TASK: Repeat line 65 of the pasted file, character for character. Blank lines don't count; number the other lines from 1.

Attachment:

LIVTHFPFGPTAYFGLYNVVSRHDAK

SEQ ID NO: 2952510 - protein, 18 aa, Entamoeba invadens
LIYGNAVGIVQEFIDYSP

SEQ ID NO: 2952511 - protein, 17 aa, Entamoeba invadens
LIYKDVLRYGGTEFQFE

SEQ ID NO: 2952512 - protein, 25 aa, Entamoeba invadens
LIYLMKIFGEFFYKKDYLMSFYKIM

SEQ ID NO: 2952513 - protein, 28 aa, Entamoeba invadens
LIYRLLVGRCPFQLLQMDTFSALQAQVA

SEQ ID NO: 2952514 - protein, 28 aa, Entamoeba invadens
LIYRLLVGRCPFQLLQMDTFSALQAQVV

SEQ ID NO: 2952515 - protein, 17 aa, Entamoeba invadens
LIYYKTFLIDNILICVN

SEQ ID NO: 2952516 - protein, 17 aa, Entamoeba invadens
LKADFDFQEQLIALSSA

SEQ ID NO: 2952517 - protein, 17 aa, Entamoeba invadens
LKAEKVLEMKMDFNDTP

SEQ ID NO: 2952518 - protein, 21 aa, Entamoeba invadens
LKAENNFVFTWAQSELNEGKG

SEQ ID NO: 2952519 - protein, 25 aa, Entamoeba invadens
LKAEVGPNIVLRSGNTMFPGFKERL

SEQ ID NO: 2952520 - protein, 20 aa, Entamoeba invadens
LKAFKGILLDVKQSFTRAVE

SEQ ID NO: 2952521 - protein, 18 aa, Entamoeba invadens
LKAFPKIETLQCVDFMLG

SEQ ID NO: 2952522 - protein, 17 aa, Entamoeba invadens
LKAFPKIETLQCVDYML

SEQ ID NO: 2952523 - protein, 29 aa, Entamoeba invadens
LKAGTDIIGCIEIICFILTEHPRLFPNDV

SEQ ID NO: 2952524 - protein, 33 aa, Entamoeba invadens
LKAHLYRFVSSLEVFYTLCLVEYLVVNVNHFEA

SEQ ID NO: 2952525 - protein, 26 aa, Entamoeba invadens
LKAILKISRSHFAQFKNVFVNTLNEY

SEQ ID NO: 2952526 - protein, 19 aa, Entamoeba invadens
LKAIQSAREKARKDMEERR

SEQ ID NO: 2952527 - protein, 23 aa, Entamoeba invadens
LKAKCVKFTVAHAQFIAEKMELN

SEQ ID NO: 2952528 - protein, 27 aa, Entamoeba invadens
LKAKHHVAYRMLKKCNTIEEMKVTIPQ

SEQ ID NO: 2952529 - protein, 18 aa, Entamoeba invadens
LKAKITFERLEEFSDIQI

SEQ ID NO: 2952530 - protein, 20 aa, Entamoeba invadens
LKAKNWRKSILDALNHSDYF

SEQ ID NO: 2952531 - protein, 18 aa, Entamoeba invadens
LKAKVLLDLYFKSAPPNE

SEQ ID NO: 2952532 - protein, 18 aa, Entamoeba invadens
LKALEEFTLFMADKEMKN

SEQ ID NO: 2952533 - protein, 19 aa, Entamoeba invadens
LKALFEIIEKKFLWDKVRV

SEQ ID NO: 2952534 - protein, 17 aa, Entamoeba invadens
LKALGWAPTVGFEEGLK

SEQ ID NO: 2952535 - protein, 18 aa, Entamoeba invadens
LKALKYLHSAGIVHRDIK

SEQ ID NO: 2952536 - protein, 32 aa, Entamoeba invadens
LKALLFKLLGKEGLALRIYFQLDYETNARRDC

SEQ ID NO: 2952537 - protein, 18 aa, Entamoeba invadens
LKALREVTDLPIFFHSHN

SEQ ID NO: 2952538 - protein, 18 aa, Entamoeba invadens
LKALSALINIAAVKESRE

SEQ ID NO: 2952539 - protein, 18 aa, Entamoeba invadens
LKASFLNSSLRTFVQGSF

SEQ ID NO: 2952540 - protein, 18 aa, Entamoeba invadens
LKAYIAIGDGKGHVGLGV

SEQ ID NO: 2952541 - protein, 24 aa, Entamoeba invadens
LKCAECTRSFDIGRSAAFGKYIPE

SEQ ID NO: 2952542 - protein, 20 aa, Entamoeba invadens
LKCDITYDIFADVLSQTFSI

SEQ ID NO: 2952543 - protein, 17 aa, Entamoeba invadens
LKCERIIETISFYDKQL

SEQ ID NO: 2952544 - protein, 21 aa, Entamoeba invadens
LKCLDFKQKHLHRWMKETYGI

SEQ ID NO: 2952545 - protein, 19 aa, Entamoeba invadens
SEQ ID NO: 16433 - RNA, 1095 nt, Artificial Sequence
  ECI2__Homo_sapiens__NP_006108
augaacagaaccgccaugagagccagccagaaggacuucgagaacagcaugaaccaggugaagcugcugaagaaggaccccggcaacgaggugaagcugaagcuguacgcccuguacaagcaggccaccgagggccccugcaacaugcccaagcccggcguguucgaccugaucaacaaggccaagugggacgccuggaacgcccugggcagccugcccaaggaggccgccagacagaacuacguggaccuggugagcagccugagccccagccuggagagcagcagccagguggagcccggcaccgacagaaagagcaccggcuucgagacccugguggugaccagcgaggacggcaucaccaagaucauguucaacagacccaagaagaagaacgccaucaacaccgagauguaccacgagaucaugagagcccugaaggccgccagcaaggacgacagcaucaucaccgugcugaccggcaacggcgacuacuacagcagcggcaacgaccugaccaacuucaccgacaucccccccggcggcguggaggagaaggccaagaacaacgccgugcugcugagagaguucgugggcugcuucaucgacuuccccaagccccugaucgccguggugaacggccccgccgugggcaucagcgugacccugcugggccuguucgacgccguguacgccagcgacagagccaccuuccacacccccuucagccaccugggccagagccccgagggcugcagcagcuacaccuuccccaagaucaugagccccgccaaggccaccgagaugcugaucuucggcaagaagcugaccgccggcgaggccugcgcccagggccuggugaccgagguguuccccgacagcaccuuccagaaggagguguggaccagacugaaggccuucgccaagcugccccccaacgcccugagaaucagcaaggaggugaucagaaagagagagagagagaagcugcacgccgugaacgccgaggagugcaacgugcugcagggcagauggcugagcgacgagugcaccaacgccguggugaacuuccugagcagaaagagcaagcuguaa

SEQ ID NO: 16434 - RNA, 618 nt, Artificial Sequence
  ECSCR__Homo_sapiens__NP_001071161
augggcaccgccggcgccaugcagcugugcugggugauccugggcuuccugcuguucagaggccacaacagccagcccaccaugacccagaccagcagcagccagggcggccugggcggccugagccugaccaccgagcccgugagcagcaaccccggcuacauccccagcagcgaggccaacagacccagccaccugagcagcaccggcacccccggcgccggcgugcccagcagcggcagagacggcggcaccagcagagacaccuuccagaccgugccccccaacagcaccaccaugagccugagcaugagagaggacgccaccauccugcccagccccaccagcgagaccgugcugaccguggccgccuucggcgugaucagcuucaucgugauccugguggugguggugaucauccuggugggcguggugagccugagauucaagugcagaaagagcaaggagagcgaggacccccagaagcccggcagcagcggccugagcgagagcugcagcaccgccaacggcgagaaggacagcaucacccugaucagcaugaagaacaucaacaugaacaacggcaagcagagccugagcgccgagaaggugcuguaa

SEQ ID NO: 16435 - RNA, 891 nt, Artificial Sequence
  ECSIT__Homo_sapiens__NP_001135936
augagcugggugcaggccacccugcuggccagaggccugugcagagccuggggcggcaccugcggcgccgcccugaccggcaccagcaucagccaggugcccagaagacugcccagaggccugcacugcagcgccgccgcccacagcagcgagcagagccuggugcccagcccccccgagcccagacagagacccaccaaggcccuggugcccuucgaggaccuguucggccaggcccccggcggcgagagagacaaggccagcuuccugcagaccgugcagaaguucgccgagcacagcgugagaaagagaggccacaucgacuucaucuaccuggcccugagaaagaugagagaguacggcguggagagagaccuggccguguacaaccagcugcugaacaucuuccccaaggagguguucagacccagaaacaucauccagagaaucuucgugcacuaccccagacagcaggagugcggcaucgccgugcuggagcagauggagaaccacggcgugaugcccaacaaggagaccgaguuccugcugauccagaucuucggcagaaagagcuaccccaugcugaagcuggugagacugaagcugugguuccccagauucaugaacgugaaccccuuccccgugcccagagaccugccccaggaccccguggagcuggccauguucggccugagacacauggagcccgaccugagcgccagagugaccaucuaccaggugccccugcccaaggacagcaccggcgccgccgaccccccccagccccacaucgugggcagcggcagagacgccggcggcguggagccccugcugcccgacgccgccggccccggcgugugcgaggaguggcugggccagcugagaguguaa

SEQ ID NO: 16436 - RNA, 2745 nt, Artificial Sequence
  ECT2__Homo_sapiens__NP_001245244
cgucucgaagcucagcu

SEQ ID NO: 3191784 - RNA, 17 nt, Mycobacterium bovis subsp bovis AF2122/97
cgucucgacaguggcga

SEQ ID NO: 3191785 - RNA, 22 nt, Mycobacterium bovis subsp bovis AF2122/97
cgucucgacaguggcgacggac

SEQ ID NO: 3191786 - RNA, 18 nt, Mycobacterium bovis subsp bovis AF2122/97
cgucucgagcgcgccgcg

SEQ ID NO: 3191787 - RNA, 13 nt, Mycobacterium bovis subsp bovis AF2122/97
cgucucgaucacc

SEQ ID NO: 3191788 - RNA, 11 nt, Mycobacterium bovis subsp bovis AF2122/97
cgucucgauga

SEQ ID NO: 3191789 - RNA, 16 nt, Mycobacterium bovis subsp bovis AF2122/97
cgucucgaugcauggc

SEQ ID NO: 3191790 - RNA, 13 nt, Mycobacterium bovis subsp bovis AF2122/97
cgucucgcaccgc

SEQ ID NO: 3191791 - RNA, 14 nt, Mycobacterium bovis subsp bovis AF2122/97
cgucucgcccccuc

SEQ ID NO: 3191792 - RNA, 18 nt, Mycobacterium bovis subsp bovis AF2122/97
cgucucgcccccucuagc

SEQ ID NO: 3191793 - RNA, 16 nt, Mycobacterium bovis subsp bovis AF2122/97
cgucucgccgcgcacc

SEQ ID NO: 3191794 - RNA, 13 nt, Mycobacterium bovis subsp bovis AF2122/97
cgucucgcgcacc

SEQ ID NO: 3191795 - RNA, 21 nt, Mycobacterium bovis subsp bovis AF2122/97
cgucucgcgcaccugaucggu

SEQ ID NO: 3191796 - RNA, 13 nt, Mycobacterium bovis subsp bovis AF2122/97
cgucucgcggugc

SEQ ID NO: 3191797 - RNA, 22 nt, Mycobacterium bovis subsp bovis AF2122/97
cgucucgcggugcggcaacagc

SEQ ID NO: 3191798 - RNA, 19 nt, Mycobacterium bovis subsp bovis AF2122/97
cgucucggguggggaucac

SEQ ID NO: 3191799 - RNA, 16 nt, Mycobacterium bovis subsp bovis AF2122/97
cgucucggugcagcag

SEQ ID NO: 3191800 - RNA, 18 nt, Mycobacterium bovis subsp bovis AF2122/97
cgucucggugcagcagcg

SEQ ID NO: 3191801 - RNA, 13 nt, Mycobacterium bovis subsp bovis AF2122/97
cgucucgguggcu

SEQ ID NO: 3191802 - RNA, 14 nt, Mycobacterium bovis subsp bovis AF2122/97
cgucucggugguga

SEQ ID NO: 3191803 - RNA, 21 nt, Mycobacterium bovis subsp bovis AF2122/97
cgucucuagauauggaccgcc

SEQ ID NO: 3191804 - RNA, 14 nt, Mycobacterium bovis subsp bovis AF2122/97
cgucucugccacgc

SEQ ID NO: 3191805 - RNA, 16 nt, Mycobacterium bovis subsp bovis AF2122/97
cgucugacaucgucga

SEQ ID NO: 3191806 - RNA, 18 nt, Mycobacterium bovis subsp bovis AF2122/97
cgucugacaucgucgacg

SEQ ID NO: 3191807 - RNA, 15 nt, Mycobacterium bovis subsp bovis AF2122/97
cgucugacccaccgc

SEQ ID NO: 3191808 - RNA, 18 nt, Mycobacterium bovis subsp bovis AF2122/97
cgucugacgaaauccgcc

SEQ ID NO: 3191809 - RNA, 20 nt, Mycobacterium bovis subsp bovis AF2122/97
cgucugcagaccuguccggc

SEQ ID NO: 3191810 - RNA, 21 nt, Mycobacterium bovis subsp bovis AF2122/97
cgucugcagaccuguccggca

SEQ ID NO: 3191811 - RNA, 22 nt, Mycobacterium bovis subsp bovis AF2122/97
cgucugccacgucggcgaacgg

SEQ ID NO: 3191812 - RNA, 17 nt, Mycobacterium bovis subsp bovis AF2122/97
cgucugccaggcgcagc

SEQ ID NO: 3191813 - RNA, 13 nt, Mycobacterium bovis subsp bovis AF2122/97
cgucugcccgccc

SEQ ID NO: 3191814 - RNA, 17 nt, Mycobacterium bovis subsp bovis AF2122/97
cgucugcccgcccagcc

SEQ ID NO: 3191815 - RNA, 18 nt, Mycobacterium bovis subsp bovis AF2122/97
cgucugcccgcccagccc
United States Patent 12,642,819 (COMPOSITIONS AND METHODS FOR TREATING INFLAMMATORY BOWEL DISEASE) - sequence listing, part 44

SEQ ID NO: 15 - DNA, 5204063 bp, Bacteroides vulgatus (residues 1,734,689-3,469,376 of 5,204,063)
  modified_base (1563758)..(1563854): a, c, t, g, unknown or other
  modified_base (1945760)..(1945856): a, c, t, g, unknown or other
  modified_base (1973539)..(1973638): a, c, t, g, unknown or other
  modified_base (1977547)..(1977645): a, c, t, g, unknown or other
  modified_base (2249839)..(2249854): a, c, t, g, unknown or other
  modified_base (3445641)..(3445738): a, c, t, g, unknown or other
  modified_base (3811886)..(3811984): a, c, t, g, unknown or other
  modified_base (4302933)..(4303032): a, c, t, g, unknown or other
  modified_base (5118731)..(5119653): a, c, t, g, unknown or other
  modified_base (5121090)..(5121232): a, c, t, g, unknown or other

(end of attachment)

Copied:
LKCAECTRSFDIGRSAAFGKYIPE